- Harvard will celebrate its 400th anniversary in 2036, and a group of friends agreed at the Harvard 350 celebration that we will meet again at Harvard 400. I wouldn’t want to let them down.
- I would like to see how we work our way through this climate change thing.
- My daughter will be in her 40s. I needed lots of good advice from my father in my 40s.
Other factors not mentioned above would also have to be considered when making my decision, things like:
- limitations on earnings if you start collecting social security payments at age 62,
- the impact on the social security payments my wife will receive after I die, and
- our likely expenses between now and 2026, or before and after 2036 (e.g., how many albums with related merch is Taylor Swift likely to release in the next 5 years v. 15 years v. 25 years).
Mathematics can help me build up and tear down arguments in favor of one position of the other. It helps me organize my thoughts, but mathematics cannot make the decision. Only I can do that. And for me, that is the true beauty of mathematics.
“I’m sorry to say that the subject I most disliked was mathematics. I have thought about it. I think the reason was that mathematics leaves no room for argument. If you made a mistake, that was all there was to it.” – Malcolm X
The sad fact, however, is that many Americans give up on mathematics long before they get to the good part – the uncertainty – using mathematics to engage in arguments (even if they are with yourself).
When it comes to Reading instruction, people talk about learning to read shifting to reading to learn. Without falling into the academic rabbit hole about the accuracy of the statement, the implication is that at some point in K-12 instruction, the skill that is Reading is applied for other purposes.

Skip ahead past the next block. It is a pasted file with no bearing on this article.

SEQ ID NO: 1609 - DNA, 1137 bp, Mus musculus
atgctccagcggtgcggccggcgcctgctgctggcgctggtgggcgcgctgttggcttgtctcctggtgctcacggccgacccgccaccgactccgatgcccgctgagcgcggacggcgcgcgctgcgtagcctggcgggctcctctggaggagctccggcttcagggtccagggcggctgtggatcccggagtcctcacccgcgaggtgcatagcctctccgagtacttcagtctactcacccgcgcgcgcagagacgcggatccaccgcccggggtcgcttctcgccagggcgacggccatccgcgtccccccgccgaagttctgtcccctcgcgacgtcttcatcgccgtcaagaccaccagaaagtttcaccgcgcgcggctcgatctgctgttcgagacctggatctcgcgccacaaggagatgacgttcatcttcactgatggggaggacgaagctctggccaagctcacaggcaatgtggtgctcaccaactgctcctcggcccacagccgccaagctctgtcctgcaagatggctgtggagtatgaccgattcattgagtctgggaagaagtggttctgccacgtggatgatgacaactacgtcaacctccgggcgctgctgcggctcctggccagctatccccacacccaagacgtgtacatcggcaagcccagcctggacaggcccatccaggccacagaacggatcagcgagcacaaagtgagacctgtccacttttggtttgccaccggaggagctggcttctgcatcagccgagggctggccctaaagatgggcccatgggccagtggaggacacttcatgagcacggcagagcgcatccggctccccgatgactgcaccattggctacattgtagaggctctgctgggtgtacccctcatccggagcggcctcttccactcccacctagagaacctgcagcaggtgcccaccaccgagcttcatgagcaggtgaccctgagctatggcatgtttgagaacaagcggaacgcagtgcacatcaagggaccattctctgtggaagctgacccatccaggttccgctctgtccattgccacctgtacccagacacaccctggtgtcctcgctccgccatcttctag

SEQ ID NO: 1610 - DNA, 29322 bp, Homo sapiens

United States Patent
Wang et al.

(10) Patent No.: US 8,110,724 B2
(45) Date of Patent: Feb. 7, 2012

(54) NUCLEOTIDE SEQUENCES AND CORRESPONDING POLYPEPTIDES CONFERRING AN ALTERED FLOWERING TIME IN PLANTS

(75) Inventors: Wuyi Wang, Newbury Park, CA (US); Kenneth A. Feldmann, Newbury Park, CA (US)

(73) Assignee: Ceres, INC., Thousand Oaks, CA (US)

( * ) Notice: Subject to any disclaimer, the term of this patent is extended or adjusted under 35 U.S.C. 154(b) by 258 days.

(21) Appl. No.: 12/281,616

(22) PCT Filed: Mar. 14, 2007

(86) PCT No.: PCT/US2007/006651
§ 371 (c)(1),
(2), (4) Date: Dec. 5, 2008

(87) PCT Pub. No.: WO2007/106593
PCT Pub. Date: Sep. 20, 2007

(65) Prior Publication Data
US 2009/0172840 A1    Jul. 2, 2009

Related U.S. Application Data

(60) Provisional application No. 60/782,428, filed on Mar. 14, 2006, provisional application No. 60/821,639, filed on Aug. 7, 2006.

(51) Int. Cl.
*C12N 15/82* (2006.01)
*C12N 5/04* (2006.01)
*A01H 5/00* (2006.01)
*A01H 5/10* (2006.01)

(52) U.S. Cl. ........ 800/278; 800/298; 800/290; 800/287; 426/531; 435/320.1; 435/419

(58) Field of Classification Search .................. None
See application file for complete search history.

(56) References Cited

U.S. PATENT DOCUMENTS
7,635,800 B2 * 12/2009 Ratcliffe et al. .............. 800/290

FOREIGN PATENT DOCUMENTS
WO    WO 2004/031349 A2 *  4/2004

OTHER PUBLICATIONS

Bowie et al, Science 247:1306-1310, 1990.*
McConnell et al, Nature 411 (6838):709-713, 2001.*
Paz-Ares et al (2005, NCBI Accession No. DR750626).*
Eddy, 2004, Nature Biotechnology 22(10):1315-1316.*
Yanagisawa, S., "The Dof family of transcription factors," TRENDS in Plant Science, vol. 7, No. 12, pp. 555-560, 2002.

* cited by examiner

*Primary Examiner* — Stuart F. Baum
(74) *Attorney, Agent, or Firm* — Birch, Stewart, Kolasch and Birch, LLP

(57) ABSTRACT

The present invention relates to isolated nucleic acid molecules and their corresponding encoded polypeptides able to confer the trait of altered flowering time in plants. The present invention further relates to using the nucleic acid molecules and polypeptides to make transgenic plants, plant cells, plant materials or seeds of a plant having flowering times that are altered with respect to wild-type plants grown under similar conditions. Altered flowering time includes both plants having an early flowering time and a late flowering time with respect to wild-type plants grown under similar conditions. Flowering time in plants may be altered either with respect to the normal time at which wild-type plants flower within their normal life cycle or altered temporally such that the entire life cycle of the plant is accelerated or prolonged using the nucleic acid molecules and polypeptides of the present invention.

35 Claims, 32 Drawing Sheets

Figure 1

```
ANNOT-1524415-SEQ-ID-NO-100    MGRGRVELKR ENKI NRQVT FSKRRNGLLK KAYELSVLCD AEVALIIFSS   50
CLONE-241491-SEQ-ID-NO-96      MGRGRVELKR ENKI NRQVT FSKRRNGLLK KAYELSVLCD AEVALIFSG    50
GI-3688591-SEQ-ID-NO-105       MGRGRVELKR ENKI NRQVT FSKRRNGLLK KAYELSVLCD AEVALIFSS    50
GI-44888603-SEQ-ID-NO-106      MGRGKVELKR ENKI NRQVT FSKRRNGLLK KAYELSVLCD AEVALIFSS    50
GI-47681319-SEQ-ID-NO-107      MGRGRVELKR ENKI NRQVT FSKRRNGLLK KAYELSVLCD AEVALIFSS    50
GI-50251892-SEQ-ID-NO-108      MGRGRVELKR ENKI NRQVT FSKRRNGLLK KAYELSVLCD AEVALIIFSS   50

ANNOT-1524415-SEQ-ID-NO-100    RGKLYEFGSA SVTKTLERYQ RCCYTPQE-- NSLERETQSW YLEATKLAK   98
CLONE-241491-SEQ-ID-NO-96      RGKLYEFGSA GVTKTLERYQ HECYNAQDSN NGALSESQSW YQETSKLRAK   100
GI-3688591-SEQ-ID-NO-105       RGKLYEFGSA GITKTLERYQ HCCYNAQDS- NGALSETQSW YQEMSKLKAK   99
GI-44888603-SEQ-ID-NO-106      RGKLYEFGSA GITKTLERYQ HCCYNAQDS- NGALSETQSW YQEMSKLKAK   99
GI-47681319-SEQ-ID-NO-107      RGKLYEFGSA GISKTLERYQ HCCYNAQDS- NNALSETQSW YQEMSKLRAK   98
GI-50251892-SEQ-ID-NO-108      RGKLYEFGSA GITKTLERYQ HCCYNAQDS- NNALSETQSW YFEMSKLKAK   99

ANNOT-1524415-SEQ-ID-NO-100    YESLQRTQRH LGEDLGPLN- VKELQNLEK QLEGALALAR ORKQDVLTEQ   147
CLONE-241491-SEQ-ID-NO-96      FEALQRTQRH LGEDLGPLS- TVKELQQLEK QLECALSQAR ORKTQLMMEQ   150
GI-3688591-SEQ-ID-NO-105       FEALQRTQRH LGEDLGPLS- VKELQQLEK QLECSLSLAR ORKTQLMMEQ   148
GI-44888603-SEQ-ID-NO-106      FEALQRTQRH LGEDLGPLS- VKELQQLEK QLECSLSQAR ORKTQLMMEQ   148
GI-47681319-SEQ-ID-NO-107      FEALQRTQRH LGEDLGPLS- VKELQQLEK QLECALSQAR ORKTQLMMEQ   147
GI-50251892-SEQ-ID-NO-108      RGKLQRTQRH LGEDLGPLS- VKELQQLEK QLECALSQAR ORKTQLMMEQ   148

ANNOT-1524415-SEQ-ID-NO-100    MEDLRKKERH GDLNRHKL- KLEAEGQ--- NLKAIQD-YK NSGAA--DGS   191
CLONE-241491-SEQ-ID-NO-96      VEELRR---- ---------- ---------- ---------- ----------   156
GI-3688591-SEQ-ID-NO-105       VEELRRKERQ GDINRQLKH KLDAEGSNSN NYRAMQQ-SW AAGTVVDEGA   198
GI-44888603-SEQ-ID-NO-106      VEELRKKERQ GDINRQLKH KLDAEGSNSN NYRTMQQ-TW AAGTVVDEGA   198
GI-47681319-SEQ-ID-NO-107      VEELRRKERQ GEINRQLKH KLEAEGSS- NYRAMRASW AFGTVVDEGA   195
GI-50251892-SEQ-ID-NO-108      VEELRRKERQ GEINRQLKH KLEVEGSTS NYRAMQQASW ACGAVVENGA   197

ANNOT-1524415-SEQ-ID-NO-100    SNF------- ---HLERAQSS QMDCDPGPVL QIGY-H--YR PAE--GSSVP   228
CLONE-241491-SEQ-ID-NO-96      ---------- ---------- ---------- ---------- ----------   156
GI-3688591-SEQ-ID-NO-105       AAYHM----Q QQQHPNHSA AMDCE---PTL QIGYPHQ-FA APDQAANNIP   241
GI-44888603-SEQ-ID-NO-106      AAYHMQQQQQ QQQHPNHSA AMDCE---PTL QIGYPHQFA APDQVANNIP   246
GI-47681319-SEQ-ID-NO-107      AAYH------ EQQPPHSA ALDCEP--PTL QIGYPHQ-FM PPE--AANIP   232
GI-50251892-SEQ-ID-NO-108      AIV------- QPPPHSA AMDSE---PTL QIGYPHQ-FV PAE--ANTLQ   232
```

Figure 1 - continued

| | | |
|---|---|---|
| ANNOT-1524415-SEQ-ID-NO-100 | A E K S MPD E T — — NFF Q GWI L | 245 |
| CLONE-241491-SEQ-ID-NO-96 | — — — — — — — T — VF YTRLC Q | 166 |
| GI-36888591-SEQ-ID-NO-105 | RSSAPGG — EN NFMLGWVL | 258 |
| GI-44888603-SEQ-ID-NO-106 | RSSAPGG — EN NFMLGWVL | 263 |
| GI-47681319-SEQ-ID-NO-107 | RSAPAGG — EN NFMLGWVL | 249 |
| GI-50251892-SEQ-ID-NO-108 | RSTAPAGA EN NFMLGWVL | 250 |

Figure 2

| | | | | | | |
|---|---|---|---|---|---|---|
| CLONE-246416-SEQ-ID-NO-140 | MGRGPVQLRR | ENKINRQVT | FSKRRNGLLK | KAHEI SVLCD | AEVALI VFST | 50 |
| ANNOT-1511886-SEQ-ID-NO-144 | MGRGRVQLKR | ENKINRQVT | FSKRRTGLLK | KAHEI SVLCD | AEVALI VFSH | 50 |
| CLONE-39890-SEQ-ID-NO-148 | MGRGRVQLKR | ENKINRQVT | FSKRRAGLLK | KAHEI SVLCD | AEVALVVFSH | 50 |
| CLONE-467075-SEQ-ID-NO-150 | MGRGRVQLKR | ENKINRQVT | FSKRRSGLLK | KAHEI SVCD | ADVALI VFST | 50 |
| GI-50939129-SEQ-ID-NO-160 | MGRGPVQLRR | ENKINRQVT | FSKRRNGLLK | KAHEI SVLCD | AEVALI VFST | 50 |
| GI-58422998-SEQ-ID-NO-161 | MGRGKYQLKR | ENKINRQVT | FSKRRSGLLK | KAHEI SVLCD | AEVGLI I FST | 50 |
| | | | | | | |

I know of no similar statement or sentiment about mathematics instruction. Through high school, we continue to pile on new and more complex skills, but never truly get to their use. Sure, there are some word problems here and there. But will I ever need to know at what time the two trains will arrive at the same place? Or how long it will take to fill/empty the tank with water coming in one large pipe and going out through three smaller pipes? (hint: see above)
We rarely ever get to the fun part of using mathematics in K-12 education, the part where we put the ability to make accurate calculations to productive use. In fact, in the past several years we have gone out of our way to develop high school science courses that require little, if any, mathematics. The Common Core State Standards in English Language Arts were named English Language Arts & Literacy in History/Social Studies, Science, and Technical Subjects – explicitly connecting ELA knowledge and skills to their use across content areas. The writers of the Mathematics standards, in contrast, couldn’t find a good way to connect mathematics practices (i.e., the use of mathematics) with the standards for mathematical content.
We have created a culture that is happy to treat math as a four-letter word (even the five-letter version in the United Kingdom). We are quick to either weaponize or vilify algorithms as if they were an AR-15. Algorithms don’t create bad radio programming, restrict our searches on Google, or create social inequities, people do – at least until we cede total control to the machines.
I have had enough. I think I’ll go for a walk and listen to some music. It will probably help me calm down, and according to the math, might even improve my chances of making it to 2036.